• Speak to your physician regarding your medications after device implantation, including when to resume coumadin. 
  • Expect 3-5 days of outpatient oral antibiotics after device implantation

Long-term follow-up

  • You will need a wound check in 1 week after implantation
  • Clinic device and wound surveillance check approximately 6 weeks after implantation
  • You will need routine “device clinic” checks with your physician: typically every 4-6 months for a pacemaker system, and every 3-4 months for an ICD. This takes approximately 20 minutes, with the programmer “wand” placed on your chest over your device. A noninvasive review of your device parameters, function, and cardiac events will be printed and kept with your records.
  • Always carry your device identification card. You will be given a temporary card on discharge from the hospital, with mailing of the permanent within 6-8 weeks thereafter.
  • An intensified monitoring period will be instituted as battery depletion is detected. This is determined during your routine device checks as residual battery level can be projected. “Device clinic” checks will change to every 2-3 months or less thereafter.
  • Replacement of the pacemaker or ICD generator is performed during the “elective replacement interval” determined by the device’s battery life. Expect a 5 to 8 year average generator life for a pacemaker and a 3 to 6 year life-span for a defibrillator system.


Please call the physician or seek care if:

  • Your bandage at the catheter site has become soaked with blood
  • Any evidence of frank pus from the incision site
  • Any increased swelling or pain since hospital discharge
  • Any red or hot area around your incision site
  • If you have a temperature >38.0 C
  • If you have any chest pain, shortness of breath, or significant change in your vision. These may be signs of an emergency – call 911.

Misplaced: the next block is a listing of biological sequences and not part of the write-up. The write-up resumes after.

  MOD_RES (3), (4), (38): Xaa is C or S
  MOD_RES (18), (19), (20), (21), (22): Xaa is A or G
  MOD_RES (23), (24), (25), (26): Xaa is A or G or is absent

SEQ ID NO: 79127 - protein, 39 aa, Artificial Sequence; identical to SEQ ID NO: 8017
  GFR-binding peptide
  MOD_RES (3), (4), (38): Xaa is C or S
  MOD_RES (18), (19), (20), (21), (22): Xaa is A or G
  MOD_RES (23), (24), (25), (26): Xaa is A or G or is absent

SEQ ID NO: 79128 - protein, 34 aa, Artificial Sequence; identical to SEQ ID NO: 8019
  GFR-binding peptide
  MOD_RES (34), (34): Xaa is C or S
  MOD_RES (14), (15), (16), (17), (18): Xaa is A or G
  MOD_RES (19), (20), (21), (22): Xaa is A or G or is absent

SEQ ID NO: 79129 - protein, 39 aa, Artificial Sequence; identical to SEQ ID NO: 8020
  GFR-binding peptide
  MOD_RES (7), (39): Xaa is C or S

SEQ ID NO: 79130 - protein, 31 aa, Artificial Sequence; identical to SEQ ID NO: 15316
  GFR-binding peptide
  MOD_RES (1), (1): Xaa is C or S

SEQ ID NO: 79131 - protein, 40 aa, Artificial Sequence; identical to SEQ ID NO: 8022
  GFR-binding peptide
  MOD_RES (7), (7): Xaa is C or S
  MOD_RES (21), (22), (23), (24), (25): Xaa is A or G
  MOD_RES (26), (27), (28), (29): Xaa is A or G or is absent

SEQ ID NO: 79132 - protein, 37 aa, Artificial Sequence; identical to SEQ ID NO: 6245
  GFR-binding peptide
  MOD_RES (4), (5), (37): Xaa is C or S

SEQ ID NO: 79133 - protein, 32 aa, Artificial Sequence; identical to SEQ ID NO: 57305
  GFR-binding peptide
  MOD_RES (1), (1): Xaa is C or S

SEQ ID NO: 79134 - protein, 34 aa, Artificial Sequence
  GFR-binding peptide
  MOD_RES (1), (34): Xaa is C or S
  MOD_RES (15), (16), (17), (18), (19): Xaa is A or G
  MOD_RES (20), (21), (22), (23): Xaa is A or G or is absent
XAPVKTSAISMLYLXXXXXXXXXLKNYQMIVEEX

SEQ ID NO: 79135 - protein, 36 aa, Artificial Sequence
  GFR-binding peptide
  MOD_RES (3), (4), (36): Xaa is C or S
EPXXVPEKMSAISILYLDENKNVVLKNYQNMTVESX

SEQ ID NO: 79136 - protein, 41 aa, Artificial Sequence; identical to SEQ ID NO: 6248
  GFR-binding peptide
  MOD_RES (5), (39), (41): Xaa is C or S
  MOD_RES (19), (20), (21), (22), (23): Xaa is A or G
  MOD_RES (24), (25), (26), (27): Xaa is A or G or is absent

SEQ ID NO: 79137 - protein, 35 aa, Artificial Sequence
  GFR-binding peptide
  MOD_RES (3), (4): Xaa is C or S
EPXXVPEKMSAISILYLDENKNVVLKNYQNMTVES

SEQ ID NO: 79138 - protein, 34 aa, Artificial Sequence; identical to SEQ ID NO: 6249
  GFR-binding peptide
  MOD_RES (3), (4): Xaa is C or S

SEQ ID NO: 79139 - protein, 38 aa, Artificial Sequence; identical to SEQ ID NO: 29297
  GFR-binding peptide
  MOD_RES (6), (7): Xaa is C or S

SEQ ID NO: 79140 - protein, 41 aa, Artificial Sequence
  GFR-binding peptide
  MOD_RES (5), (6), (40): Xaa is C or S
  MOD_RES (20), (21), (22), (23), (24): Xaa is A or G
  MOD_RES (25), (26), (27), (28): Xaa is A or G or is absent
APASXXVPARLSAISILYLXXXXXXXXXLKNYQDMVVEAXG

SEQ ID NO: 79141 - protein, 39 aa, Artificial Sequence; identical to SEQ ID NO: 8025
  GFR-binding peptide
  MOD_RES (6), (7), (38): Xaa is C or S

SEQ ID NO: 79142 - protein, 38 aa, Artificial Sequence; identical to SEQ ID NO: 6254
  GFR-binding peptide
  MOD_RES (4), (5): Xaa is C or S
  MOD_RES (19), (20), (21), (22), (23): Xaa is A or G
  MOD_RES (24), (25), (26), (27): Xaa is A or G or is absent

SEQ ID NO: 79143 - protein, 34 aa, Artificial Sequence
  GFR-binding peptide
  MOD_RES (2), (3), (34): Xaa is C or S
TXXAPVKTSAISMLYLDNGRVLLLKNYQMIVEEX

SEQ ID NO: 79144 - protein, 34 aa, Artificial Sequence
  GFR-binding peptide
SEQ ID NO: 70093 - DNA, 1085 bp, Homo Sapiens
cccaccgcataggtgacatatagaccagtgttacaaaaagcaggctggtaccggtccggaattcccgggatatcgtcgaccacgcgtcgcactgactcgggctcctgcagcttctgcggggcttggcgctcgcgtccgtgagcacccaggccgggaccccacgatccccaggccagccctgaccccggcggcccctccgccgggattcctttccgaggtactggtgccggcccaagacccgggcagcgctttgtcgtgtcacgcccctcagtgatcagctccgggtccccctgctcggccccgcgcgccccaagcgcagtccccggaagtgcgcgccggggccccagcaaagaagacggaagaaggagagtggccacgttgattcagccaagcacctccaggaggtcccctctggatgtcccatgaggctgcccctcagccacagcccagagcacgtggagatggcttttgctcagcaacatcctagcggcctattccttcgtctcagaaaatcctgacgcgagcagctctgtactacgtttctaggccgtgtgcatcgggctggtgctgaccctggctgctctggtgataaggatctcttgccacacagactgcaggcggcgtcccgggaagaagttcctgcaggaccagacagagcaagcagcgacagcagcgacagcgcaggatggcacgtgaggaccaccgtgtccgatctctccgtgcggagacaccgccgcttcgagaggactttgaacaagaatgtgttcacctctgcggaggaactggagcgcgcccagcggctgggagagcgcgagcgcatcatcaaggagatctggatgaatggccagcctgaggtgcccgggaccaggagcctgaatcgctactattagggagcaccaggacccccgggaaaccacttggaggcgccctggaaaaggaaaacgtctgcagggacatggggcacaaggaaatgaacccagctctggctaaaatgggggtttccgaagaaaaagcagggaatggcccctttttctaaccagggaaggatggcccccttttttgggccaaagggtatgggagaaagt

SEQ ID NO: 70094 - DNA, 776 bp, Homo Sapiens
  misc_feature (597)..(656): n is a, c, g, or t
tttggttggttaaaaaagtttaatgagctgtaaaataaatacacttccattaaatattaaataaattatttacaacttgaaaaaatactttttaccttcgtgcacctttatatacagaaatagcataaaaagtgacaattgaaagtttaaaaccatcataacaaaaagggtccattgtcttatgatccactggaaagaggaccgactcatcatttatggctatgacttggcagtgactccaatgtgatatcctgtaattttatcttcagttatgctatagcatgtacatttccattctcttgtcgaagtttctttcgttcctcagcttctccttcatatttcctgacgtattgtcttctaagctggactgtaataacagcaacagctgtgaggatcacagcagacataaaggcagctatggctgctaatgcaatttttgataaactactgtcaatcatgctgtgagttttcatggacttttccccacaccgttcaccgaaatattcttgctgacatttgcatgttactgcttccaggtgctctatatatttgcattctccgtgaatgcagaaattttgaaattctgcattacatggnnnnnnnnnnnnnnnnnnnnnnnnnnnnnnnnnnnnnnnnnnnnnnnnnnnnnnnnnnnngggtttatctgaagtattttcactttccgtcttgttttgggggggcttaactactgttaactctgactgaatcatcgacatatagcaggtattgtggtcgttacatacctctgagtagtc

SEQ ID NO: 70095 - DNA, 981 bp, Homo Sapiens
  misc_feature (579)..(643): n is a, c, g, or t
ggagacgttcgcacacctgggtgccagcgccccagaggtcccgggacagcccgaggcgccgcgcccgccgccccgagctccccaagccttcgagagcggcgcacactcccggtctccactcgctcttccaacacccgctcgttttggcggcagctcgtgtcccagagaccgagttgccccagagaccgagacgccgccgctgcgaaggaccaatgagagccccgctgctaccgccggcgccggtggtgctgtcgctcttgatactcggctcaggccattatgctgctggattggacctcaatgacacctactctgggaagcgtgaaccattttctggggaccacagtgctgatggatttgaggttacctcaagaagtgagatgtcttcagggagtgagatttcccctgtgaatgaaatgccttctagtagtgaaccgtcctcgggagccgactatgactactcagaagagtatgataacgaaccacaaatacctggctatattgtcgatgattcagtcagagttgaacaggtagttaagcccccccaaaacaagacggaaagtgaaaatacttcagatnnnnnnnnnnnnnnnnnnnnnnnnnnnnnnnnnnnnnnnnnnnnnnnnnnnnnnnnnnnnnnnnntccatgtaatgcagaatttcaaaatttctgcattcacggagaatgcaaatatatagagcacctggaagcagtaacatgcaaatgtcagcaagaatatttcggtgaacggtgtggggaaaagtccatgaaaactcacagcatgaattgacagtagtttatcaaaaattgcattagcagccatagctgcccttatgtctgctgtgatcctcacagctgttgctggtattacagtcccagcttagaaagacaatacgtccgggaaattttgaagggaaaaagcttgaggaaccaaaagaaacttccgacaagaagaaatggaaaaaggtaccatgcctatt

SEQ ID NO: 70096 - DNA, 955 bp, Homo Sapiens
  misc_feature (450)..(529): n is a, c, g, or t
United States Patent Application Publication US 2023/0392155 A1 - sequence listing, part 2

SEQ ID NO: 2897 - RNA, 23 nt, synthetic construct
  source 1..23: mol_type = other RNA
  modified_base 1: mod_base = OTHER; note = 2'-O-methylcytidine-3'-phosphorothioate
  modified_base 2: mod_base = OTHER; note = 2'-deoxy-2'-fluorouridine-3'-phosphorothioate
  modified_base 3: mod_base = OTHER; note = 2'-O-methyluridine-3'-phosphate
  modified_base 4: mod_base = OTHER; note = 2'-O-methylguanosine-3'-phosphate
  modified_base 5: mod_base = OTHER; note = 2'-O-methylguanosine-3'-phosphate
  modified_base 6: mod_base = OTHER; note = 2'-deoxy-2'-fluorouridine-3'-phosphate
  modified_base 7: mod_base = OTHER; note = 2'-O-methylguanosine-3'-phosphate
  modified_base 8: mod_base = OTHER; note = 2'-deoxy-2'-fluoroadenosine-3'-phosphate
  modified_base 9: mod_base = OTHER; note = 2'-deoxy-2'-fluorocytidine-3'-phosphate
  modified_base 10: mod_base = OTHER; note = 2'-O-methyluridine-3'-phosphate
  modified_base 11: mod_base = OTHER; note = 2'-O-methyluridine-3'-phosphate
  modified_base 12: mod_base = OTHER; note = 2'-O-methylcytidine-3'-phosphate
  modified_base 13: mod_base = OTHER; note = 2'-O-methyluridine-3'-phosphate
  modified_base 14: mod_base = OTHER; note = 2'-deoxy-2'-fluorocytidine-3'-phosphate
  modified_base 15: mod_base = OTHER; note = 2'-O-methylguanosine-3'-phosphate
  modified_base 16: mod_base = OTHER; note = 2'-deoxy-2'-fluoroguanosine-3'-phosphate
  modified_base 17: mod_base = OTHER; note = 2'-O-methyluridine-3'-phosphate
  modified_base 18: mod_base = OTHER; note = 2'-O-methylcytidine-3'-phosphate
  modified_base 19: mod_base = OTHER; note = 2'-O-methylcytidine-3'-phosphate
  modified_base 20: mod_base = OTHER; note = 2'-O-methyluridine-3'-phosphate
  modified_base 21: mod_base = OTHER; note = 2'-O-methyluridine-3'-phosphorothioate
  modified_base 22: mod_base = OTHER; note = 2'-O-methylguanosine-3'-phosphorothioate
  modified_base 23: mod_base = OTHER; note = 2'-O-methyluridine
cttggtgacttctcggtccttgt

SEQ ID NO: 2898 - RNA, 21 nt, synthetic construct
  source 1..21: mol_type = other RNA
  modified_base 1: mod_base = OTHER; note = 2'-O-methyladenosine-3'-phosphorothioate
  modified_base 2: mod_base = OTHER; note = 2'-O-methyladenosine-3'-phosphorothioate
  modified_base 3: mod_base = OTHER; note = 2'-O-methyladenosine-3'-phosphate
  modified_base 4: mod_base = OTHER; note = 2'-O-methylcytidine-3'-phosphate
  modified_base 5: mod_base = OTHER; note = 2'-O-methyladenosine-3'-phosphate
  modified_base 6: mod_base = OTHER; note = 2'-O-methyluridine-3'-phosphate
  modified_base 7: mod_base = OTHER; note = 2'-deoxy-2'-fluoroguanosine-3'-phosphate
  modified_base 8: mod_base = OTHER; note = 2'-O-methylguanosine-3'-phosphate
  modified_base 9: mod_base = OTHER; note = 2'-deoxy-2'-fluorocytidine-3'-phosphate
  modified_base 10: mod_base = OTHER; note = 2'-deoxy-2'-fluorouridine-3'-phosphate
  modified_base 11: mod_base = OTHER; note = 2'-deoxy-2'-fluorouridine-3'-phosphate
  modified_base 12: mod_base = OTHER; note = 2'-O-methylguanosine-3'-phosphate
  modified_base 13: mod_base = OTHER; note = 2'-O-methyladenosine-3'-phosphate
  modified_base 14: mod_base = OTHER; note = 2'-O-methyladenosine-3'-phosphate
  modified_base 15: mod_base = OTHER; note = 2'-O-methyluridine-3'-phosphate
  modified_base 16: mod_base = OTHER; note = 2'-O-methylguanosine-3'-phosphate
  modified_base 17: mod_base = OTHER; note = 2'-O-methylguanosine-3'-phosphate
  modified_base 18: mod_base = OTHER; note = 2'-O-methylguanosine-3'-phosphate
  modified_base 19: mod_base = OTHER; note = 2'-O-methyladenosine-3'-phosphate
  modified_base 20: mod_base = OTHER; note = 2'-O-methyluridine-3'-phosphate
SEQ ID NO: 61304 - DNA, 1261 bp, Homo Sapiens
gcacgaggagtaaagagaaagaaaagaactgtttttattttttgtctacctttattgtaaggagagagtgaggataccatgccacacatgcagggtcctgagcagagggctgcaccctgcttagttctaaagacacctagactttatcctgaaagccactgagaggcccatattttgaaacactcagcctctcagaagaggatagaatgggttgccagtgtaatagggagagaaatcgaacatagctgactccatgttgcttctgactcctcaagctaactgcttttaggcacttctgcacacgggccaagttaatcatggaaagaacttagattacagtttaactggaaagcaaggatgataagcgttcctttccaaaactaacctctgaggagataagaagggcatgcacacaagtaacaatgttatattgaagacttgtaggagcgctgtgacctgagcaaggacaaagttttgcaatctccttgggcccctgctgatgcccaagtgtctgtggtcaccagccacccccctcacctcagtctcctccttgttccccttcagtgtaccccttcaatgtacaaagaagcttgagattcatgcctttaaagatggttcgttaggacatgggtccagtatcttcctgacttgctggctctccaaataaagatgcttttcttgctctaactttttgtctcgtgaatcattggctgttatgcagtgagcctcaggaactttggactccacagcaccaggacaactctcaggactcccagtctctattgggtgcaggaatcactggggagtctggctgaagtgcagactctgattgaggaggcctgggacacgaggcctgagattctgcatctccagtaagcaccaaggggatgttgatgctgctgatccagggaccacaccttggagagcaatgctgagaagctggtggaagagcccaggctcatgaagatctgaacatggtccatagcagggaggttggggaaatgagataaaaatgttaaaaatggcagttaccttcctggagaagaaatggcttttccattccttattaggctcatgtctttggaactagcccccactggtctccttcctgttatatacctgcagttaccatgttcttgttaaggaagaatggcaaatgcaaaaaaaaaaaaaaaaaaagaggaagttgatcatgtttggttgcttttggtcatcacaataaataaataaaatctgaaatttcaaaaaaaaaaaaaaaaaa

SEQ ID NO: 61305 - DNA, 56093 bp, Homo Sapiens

• Your device has built-in features to protect it from the electrical interference produced by most household electrical appliances. Generally microwave ovens, computers, VCRs, and garage door openers are all safe to use.
  • Airport walk-through metal detectors are safe, but you may set the alarm off. Always have your device identification card on hand, and have them perform a hand search instead.


  • Be wary of contact sports
  • Avoid placing your cellular phone directly over your device generator. Try to keep it at least 6 inches away from your device. Do not carry your cellular phone in your shirt pocket when not in use.
  • Magnetic resonance imaging (MRI) scans should be avoided unless your physician deems otherwise
  • Avoid prolonged exposure in the vicinity to electronic security systems (anti-theft devices), including metal-detector “wands” and those located at the entrance of department stores.
  • Your device is sensitive to strong electromagnetic interference (EMI) generated by certain electric or magnetic fields of sufficient strength. Hence, avoid working near heavy or high-voltage machinery (running motors and alternators), exposure to arc-welding equipment, CB radio antennas, and MRI scans.

Device Company Manufacturers

Medtronic: 800-551-5544
Boston Scientific: 800-227-3422
St. Jude Medical: 800-777-2237/800-733-3455
Biotronik: 800-547-0394/503-635-3594


PDF download of these instructions
Please consult your physician for any individual changes or additions.

Video 2. Technique for cryoablation for atrial fibrillation